Contact Lens Care & Compliance

Contact Lens Care & Compliance

Makeup and Scleral GP Lenses


Much has been written about cosmetics and contact lenses (Weisbarth and Henderson, 2005; Bennett and Wagner, 2005; Sindt, 2013; Ward, 2013). Makeup can adhere to both soft and GP contact lenses, resulting in compromised vision, comfort, and ocular health. In addition, the reemergence of scleral GP contact lenses has brought new challenges regarding cosmetics and contact lenses.

Makeup Debris in the Tear Reservoir

Scleral lenses are fitted to vault the cornea, providing between 100 to 500 microns of central clearance. In addition, they rest on the conjunctiva/sclera with minimal movement and tear exchange. Unlike a small corneal lens, whose movement and size may allow under-lens debris to be flushed out with a few blinks, makeup trapped beneath a scleral lens remains there all day—or until the lens is removed, cleaned, refilled with nonpreserved solution, and reapplied. This can cause decreased vision, ocular irritation, lens deposition, discomfort, and, if the cosmetics are contaminated, microbial keratitis.

The best way to eliminate this is to instruct patients to apply makeup after applying their contact lenses (Weisbarth and Henderson, 2005; Bennett and Wagner, 2005; Sindt, 2013; Ward, 2013). Any makeup remaining on the hands can transfer to the lenses, depositing their surfaces and potentially entering their matrixes. Be sure that your patients apply eyeliner only to the outer (not the inner) eyelid margin. Educate patients about removing contact lenses prior to makeup at the end of the lens-wearing day. And, if some residual makeup remains on the eyelids or lashes, verify your patients’ proficiency with lens application so that none of those cosmetics enter the eye.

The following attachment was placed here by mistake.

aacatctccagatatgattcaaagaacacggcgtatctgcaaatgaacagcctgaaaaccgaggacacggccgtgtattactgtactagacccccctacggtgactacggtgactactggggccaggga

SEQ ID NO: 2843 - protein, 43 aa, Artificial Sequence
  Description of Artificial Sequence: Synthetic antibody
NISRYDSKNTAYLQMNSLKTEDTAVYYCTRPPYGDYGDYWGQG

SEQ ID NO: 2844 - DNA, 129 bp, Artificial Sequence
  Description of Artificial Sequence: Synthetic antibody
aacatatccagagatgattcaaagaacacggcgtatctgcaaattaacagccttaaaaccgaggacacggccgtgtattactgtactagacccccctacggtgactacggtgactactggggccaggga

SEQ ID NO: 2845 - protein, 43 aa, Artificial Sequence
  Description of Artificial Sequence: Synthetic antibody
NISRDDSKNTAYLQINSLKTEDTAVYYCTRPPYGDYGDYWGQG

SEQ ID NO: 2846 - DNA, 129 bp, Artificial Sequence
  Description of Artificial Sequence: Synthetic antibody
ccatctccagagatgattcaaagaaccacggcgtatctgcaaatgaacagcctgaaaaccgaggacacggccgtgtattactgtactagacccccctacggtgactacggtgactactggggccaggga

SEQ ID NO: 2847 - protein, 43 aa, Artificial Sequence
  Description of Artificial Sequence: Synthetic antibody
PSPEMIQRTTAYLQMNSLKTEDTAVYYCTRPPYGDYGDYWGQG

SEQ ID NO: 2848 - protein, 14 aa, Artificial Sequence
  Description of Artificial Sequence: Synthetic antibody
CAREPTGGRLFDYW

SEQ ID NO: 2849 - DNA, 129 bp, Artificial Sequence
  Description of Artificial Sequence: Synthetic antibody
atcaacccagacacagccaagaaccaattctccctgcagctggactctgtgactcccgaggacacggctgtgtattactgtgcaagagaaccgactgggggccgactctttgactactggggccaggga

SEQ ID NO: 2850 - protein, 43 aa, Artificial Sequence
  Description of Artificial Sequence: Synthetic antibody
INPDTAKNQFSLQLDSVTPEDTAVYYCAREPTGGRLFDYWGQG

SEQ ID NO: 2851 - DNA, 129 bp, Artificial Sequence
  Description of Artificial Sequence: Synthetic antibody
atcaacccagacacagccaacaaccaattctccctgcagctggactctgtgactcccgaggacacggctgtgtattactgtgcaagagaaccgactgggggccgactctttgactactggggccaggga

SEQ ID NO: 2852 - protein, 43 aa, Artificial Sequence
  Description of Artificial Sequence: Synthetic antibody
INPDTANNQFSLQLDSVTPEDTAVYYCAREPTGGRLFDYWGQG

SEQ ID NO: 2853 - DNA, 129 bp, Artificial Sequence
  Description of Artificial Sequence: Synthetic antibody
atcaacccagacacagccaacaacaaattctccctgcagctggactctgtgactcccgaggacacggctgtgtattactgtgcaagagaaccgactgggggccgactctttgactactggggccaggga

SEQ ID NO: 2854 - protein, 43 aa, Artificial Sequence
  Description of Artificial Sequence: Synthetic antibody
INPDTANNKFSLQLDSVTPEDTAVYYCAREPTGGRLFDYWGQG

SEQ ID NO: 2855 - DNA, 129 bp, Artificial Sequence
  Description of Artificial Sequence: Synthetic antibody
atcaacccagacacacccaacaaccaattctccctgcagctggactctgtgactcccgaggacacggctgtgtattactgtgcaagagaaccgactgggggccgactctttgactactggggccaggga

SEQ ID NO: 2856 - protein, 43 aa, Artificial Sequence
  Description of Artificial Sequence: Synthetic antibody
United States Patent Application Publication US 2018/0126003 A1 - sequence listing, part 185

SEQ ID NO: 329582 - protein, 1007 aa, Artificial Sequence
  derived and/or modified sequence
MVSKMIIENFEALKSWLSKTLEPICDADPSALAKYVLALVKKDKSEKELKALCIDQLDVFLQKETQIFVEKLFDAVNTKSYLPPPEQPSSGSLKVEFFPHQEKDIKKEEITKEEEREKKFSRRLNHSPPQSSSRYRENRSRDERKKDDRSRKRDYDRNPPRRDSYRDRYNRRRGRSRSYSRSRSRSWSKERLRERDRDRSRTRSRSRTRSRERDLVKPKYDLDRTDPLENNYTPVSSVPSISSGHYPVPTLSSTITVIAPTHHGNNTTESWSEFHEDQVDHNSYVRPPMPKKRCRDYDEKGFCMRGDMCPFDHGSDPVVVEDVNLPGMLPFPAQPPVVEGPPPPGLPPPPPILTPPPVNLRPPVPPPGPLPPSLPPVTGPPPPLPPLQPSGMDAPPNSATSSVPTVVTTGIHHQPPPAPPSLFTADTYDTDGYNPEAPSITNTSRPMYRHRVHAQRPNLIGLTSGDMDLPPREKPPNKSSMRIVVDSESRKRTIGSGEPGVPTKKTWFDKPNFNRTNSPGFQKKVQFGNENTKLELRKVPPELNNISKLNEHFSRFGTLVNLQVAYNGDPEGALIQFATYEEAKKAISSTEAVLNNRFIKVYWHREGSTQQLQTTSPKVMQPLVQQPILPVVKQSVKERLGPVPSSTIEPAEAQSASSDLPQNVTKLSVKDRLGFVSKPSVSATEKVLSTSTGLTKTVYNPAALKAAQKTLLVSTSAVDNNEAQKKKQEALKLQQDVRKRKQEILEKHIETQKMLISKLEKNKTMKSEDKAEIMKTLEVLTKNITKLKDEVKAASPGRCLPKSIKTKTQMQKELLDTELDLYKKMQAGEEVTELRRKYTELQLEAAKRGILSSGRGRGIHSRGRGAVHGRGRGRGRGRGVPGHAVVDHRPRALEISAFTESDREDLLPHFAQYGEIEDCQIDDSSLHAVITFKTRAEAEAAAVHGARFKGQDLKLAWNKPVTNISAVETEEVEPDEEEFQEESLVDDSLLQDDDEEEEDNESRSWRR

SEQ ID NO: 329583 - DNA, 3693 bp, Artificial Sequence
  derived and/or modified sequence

Front-Surface Deposition

Soft or small-diameter GP lens wearers who use mascara will have an adjustment to make when switching to scleral lenses. Because scleral lenses are 2X to 5X thicker compared to their previous modality and have greater tear clearance, they protrude more, increasing the likelihood that the mascara wand touches the front surface of the contact lens (Figure 1).

Figure 1. Makeup from a mascara wand adhered to the front surface of a scleral GP contact lens.

If patients are unable to revise their mascara application technique and are adept at lens application (i.e., does not touch the lens to the lashes), then an exception may be made. That is, patients may apply their mascara (but no other types of makeup) prior to application their contact lenses.

Makeup deposits are typically too dense to be removed with a typical GP daily cleaner. Sometimes an extra-strength cleaner, such as Boston Laboratory Cleaner (Bausch + Lomb), or an alcohol-based cleaner, such as Sereine Extra-Strength Daily Cleaner (Optikem International), Walgreens Extra Strength Daily Cleaner (Optikem International), Lens Fresh (Orion Vision Group), or Sof/Pro2 Extra-Strength Daily Cleaner (Lobob Laboratories) (Gromacki, 2013) may be strong enough to remove the heavy makeup deposition. If not, a quick polishing with an in-office modification unit will clear the lens in no time. If all else fails, you can order a new contact lens for the patient.

As with all contact lens modalities, it is important that scleral lens patients wash their hands before handling their lenses and refrain from using soaps containing perfumes or lotions. CLS

For references, please visit and click on document #220.

Dr. Gromacki is a diplomate in the American Academy of Optometry’s Section on Cornea, Contact Lenses and Refractive Technologies and practices in Chevy Chase, Md.